I had students making xenophobic, insensitive, and ill-informed comments about people from other cultures.
Following a particularly offensive outburst from one student, I dismissed the class early. Tears welling up, I asked the lingering students to leave and get my teacher friends. I needed emotional support. I filed a report detailing the events and my supervisor has commended me for how I handled the situation.
Following the incident, I have been reflecting deeply about my teaching philosophy and my personal philosophy as Jena Lynch. Being open-minded, tolerant, and respectful are at the core of who I am, and they are at the core of why I am a teacher. I have chosen a career that puts me in direct contact with people from hugely diverse backgrounds. I love learning about other cultures and people's experiences. Building relationships with people from other countries makes me feel like I have a place in the world. I feel most alive when I connect with someone who speaks a different language, who has a different background, or who is simply curious about the world we live in.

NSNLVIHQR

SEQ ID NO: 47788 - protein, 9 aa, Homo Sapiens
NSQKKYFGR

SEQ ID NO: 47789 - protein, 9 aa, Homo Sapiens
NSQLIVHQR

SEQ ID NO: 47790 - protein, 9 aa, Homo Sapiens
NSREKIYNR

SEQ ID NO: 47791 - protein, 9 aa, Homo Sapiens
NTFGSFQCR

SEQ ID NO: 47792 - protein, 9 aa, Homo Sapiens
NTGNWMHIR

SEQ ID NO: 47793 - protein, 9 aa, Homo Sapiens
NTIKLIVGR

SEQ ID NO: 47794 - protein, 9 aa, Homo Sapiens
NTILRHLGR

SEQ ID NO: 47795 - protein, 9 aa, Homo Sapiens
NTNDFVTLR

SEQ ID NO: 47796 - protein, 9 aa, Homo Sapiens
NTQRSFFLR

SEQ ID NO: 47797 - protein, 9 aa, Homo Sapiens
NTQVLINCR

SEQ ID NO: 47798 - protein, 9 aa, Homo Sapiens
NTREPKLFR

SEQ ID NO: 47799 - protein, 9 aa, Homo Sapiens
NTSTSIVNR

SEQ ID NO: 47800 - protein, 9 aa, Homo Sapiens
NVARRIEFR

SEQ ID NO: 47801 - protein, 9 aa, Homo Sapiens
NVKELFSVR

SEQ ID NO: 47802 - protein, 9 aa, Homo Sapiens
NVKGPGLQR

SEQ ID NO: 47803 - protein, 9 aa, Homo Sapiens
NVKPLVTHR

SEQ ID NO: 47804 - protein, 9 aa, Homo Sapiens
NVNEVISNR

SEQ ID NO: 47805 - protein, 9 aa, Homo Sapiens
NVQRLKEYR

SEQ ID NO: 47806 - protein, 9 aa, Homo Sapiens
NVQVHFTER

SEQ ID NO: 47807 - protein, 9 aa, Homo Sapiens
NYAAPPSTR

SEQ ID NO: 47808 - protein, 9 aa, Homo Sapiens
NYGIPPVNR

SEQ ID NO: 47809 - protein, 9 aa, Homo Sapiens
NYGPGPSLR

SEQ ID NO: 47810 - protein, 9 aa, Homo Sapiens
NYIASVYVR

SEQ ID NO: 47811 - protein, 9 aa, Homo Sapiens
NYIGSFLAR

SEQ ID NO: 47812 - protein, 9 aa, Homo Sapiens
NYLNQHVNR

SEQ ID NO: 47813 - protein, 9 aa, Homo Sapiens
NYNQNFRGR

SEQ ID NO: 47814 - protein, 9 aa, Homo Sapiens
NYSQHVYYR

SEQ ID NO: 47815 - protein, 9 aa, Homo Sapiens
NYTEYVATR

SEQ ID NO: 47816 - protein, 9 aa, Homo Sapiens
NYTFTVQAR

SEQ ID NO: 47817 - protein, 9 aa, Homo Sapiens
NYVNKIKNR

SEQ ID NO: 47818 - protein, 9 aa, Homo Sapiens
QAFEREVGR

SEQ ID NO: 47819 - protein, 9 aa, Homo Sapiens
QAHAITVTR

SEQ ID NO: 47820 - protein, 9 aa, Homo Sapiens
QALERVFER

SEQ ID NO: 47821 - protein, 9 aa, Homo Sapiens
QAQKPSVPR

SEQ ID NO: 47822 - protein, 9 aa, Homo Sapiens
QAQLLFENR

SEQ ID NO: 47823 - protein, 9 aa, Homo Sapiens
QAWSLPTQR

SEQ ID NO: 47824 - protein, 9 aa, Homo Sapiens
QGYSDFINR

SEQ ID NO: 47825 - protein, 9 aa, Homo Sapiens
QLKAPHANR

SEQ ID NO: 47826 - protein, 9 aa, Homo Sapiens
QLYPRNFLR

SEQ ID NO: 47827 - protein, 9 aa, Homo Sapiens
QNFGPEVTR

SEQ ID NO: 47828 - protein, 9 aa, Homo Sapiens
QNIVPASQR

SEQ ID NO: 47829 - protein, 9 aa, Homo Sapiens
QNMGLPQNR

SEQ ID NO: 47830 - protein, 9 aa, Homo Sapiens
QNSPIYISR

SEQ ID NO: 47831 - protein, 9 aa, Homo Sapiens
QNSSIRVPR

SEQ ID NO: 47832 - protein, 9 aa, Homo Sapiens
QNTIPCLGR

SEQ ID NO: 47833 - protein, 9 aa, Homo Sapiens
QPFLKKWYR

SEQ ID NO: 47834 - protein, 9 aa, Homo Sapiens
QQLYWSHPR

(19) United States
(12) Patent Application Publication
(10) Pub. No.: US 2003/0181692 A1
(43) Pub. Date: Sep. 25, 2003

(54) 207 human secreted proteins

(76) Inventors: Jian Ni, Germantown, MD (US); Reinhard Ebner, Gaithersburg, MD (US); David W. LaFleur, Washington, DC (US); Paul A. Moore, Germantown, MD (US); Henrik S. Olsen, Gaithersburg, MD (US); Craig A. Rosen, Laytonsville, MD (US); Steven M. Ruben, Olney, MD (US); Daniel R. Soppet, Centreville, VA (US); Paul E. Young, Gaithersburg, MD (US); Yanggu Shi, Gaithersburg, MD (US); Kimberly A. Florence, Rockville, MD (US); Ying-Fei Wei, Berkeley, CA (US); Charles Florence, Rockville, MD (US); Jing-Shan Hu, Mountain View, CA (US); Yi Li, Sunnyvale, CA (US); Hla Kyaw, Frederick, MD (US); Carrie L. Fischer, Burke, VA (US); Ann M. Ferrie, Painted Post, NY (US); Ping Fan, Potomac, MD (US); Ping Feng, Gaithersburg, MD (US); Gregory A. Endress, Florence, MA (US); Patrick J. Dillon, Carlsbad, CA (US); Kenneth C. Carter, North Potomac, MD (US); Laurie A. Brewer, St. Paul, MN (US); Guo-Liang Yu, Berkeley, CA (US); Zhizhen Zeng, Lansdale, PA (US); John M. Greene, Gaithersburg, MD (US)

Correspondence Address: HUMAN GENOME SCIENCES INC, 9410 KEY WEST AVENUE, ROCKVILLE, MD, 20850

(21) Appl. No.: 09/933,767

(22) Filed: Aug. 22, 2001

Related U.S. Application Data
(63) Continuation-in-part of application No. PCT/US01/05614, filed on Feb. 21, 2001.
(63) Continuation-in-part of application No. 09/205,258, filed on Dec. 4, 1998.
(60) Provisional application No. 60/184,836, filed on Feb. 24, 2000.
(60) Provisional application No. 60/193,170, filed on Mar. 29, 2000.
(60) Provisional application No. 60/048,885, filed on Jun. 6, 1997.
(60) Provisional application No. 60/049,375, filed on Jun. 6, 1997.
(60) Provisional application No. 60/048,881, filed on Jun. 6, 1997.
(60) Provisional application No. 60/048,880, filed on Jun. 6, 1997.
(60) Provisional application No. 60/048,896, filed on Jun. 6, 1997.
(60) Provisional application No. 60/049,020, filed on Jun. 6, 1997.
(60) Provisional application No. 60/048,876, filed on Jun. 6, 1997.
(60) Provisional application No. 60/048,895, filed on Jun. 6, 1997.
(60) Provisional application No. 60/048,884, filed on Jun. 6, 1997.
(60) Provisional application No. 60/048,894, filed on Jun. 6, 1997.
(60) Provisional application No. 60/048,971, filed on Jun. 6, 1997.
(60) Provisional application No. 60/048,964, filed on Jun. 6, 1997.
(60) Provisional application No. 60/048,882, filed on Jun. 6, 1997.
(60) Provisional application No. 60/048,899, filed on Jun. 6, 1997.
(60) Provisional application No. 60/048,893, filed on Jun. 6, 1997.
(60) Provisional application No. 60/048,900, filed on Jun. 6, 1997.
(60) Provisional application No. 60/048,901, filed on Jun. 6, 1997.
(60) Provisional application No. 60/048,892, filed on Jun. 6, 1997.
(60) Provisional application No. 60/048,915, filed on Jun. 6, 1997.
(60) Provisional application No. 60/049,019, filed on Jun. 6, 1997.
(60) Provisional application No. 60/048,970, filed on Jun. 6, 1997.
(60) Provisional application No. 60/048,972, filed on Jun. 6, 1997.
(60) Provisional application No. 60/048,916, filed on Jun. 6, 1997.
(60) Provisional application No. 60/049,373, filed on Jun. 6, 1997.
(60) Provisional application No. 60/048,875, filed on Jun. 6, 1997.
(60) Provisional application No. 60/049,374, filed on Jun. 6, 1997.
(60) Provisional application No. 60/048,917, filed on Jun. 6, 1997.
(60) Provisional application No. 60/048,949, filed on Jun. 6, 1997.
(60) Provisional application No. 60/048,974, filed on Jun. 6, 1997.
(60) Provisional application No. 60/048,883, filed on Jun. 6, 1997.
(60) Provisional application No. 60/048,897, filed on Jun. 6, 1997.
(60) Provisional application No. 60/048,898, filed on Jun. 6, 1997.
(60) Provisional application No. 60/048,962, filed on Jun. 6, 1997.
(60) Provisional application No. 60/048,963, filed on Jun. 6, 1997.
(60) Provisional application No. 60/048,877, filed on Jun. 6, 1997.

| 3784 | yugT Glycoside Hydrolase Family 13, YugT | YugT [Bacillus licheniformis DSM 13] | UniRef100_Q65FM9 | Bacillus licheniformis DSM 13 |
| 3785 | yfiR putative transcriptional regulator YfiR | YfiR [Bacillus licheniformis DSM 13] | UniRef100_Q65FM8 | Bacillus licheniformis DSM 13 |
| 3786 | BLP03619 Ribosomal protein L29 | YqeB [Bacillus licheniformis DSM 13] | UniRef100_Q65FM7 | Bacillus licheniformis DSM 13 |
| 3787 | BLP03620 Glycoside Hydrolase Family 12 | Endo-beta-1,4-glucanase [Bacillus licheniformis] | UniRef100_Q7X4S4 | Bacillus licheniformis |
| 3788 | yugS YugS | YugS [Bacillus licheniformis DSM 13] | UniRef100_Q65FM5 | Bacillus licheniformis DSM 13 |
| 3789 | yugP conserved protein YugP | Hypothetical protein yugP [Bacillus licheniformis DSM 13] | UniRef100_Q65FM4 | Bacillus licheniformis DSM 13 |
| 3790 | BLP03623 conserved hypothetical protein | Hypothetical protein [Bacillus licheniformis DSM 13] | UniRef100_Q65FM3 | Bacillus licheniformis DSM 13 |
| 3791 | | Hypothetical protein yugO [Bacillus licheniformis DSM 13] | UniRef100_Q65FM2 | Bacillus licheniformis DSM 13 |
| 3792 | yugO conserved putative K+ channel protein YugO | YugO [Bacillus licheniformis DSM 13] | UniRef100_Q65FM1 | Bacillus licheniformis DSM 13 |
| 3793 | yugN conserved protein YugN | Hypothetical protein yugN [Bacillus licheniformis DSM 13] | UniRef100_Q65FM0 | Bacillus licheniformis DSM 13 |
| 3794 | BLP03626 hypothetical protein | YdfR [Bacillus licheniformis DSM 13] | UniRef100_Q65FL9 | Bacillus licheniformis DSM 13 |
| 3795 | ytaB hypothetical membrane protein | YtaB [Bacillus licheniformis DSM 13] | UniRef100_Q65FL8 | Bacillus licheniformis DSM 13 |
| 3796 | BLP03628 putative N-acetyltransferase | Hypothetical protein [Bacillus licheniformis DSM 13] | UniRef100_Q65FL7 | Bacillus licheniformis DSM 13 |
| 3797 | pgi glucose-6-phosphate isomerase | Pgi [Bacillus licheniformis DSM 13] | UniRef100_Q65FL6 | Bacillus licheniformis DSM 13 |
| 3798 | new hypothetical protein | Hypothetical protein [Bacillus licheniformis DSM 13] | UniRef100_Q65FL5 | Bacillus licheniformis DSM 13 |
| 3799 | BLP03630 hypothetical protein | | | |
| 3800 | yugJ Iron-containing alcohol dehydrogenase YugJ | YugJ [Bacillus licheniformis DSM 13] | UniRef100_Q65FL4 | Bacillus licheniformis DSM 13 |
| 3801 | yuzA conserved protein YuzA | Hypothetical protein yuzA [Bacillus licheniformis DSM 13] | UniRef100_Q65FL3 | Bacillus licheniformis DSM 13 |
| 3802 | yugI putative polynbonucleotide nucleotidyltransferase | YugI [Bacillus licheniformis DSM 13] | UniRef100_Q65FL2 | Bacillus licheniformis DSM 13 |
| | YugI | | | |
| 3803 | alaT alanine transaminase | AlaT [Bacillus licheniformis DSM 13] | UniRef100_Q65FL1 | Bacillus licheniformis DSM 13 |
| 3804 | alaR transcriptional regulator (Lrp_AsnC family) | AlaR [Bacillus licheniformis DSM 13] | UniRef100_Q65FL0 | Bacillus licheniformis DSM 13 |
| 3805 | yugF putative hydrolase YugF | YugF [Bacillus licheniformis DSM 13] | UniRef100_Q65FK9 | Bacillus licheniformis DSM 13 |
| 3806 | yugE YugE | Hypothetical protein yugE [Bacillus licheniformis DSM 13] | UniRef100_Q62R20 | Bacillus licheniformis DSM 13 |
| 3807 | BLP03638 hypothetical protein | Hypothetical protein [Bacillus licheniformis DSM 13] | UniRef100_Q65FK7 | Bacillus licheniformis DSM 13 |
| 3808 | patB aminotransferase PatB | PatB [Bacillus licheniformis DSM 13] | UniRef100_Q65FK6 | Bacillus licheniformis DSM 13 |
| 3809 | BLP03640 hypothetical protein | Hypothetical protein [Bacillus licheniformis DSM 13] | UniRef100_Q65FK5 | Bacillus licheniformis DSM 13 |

My philosophy has no place for hatred based on ignorance, closed mindedness, or lack of respect for humankind. My students' comments yesterday deeply hurt my feelings as a foreigner living in Turkey. Even though the comments were not about my country, the fact that my students were openly so disrespectful and hurtful was appalling to me.
Granted, at 19-years-old, many people aren't making their best decisions or saying the most intelligent things, but there is no excuse for the kind of behavior I witnessed.
This incident brings me to the question: to what extent is it my job to teach tolerance in my language classroom? I get into the deepest muck when I question whether my values are somehow inherently right or better than those that my students portrayed.
In the 21st century language classroom, I think my values of open-mindedness, tolerance, and respect for diversity are dead on. I think that part of teaching English as an international language is teaching respect, curiosity, and tolerance. People who interact with others must understand the impact of everything they say and do as a direct reflection of themselves, their country, and possibly even larger organized groups, like religious affiliations. I stuck to my belief yesterday that there is no place for hateful and ignorant speech in any classroom.
If those students learn nothing from me about vocabulary or grammar, I hope they remember me as the teacher who could not tolerate a student's offensive comments about Iraqi people. That's a reputation I could live with.